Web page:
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Ben Jones
Ben Jones, UK Lawyer
Category: Employment Law
Satisfied Customers: 48737
Experience:  Qualified Employment Solicitor - Please start your question with 'For Ben Jones'
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My wife is really struggling at work at the moment with

Resolved Question:

Hi,My wife is really struggling at work at the moment with stress, in the past she has suffered with mental health, (depression had medication from doctors and received professional counselling.)
To top this of she is also 3 months pregnant.
My question is could she get demoted (she has a team leader role,) if she where to voice her issue or go on the sick from a doctor for depression?Thanks,
Stephen.
Submitted: 26 days ago.
Category: Employment Law
Expert:  Ben Jones replied 25 days ago.

Hello, my name is***** am a qualified lawyer and I will be assisting you with your question today.

Expert:  Ben Jones replied 25 days ago.

How long has she worked there for?

Customer: replied 25 days ago.
Hi Ben,
She has been there for just over 2 years.
Expert:  Ben Jones replied 25 days ago.
Thanks leave it with me please I will reply once in the office this morning
Expert:  Ben Jones replied 25 days ago.

Many thanks for your patience. If the employer simply goes ahead and demotes her because of this, it is very likely that it will amount to disability discrimination, or pregnancy discrimination if the issues she is experiencing are linked to her pregnancy.

As the depression is likely to amount to a disability under employment law, she will have certain rights and protections. First of all the employer must not treat someone detrimentally because of a disability and secondly they must also make reasonable adjustments to help them deal with these issues.

What amounts to ‘reasonable adjustments’ can have a wide interpretation and often depends on the individual circumstances of the employer, their business, the potential impact on other employees, the available resources, etc. Whilst legislation does not currently provide specific examples of what adjustments can be made, the following are examples that have been considered reasonable in case law over time:

· making adjustments to work premises

· allocating some of the employee’s duties to others

· transferring the employee to fill an existing suitable vacancy

· altering the employee’s hours of work

· allowing the employee to be absent during working hours for rehabilitation, assessment or treatment connected to their disability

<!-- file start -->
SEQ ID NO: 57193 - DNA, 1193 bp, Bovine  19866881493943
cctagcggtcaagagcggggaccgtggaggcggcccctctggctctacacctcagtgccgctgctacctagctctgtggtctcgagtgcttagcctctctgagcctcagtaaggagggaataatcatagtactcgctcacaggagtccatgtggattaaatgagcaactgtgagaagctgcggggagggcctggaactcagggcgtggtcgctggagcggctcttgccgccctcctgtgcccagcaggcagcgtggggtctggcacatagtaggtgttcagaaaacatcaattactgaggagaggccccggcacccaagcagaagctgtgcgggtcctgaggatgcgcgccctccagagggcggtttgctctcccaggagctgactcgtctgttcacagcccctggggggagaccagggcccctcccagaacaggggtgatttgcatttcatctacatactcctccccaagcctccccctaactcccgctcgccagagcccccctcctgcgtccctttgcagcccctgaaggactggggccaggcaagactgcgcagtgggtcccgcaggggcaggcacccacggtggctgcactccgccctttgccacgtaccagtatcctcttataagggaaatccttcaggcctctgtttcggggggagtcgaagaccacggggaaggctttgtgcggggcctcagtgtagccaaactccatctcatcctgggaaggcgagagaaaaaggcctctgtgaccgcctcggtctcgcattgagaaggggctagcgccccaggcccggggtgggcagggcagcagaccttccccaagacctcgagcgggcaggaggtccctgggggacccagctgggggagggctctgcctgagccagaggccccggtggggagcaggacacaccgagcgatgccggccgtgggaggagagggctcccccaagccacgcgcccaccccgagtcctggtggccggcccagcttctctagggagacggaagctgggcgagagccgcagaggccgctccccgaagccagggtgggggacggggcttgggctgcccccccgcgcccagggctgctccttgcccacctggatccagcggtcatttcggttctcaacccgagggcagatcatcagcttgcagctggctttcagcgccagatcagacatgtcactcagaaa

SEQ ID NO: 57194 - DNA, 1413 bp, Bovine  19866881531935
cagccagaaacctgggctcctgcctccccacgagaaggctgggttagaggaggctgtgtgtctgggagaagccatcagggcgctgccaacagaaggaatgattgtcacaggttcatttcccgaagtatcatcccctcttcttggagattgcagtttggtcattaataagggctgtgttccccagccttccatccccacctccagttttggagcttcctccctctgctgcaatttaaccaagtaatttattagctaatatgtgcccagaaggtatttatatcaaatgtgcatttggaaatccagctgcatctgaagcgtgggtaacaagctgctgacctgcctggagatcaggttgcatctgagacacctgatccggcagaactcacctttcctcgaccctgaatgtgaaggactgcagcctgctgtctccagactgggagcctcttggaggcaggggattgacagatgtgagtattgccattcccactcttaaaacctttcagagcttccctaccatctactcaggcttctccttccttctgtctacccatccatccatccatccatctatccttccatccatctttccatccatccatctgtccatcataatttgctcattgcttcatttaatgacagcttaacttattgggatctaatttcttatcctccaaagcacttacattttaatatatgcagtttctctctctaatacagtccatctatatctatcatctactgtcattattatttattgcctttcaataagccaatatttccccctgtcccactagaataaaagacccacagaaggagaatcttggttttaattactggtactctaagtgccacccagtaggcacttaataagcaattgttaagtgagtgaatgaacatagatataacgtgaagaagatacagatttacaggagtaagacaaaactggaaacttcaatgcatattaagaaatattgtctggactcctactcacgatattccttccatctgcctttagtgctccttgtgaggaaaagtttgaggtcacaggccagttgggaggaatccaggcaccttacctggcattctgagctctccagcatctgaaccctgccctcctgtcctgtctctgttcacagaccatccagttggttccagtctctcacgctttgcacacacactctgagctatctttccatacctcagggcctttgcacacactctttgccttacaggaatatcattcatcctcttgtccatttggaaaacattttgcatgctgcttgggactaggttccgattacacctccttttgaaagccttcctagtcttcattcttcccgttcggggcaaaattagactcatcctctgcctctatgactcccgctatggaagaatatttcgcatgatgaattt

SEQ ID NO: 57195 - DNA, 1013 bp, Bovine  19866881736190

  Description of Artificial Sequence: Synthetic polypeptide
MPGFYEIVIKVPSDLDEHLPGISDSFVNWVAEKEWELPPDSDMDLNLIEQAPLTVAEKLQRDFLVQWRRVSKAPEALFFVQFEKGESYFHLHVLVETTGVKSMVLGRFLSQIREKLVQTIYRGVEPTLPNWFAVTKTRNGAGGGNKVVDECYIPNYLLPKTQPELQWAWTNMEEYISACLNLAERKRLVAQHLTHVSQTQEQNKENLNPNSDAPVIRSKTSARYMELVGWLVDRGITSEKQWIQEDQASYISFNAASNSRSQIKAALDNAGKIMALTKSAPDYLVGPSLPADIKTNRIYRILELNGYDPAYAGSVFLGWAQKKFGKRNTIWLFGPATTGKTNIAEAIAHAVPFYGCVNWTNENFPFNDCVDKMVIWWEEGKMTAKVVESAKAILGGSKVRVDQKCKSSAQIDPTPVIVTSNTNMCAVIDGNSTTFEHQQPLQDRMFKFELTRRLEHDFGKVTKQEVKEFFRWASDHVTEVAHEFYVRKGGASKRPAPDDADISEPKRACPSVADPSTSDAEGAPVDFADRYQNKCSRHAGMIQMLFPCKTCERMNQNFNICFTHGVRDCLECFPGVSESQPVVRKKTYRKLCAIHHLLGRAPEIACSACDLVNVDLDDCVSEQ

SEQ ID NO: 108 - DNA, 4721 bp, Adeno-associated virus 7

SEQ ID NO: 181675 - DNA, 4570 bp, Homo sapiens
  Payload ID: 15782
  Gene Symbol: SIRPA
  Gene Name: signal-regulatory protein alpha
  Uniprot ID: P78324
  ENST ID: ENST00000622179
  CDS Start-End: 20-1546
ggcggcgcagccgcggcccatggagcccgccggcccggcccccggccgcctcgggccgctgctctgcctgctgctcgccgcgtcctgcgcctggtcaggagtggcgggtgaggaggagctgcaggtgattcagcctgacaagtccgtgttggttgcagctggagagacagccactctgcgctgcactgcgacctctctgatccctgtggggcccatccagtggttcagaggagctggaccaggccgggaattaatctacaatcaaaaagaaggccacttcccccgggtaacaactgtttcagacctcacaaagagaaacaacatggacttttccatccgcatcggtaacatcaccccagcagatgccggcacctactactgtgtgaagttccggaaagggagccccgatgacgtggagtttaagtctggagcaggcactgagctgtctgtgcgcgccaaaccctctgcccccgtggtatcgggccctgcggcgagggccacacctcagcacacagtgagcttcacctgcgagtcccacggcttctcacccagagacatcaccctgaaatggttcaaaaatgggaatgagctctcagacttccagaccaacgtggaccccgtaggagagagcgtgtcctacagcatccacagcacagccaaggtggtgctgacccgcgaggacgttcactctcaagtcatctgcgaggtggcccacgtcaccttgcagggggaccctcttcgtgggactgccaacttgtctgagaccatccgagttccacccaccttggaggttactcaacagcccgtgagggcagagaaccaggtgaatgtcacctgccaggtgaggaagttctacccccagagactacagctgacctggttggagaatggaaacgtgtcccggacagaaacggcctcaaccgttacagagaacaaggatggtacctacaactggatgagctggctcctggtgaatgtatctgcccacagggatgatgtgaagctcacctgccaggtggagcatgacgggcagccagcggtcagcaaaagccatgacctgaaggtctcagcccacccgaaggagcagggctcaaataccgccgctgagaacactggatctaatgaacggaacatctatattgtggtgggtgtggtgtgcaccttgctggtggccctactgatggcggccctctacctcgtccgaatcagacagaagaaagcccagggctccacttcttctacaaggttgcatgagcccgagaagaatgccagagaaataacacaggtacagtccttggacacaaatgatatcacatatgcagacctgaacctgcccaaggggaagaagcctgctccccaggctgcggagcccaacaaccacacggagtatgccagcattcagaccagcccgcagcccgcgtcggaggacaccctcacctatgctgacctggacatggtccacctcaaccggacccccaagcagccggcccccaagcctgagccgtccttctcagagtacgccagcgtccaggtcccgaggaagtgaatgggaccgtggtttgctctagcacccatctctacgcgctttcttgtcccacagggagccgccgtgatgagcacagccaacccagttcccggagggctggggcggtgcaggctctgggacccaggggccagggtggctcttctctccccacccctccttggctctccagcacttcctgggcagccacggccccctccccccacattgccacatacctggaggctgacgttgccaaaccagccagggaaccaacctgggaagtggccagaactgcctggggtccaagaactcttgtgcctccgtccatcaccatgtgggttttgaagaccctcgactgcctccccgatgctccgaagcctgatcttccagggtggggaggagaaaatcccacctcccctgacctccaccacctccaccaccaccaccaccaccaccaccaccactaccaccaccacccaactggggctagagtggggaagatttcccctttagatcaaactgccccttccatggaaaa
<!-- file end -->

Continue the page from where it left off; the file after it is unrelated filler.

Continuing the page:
· acquiring or modifying specialist equipment

· providing supervision or other support

Whilst she may be offered a different role for the time being, this should not automatically result in a demotion and it may even be a case of moving her to something suitable but keeping her permanent status and pay unaffected. She would then eventually return once she feels better.

Please take a quick second to leave a positive rating for the service so far by selecting 3, 4 or 5 stars above. I can continue answering follow up questions and in particular can also discuss the rights she has on taking this further if she is discriminated. There is no extra cost for this - leaving your rating now will not close the question and means we can still continue this discussion. Thank you

Ben Jones and 2 other Employment Law Specialists are ready to help you
Expert:  Ben Jones replied 25 days ago.

Thank you. In the event they treat her detrimentally she can initially challenge them through a formal internal grievance. In the event that does not work, she has a couple other options. One is to make a discrimination claim whilst still employed by them. The other is to resign and claim constructive dismissal and discrimination, but only if she strongly feels she cannot continue working there as a result.

Before a person can make a claim in the employment tribunal, they would be required to participate in mandatory early conciliation through the Advisory Conciliation and Arbitration Service (ACAS).

The purpose of this process is to allow ACAS to mediate between the claimant and respondent to agree on an out of court settlement in order to avoid the need for legal action in tribunal. The respondent does not have to engage in these discussions, or if they do and the talks are unsuccessful, the claimant will be issued with a certificate allowing them to make a claim.

However, if a settlement is reached, the claimant would agree not to proceed with the claim in return for the agreed financial settlement. Other terms can also be agreed as part of the settlement, such as an agreed reference.

To initiate the conciliation procedure ACAS can be contacted online by filling in the following form (https://ec.acas.org.uk/Submission/SingleClaimantPage), or by phone on 0300(###) ###-####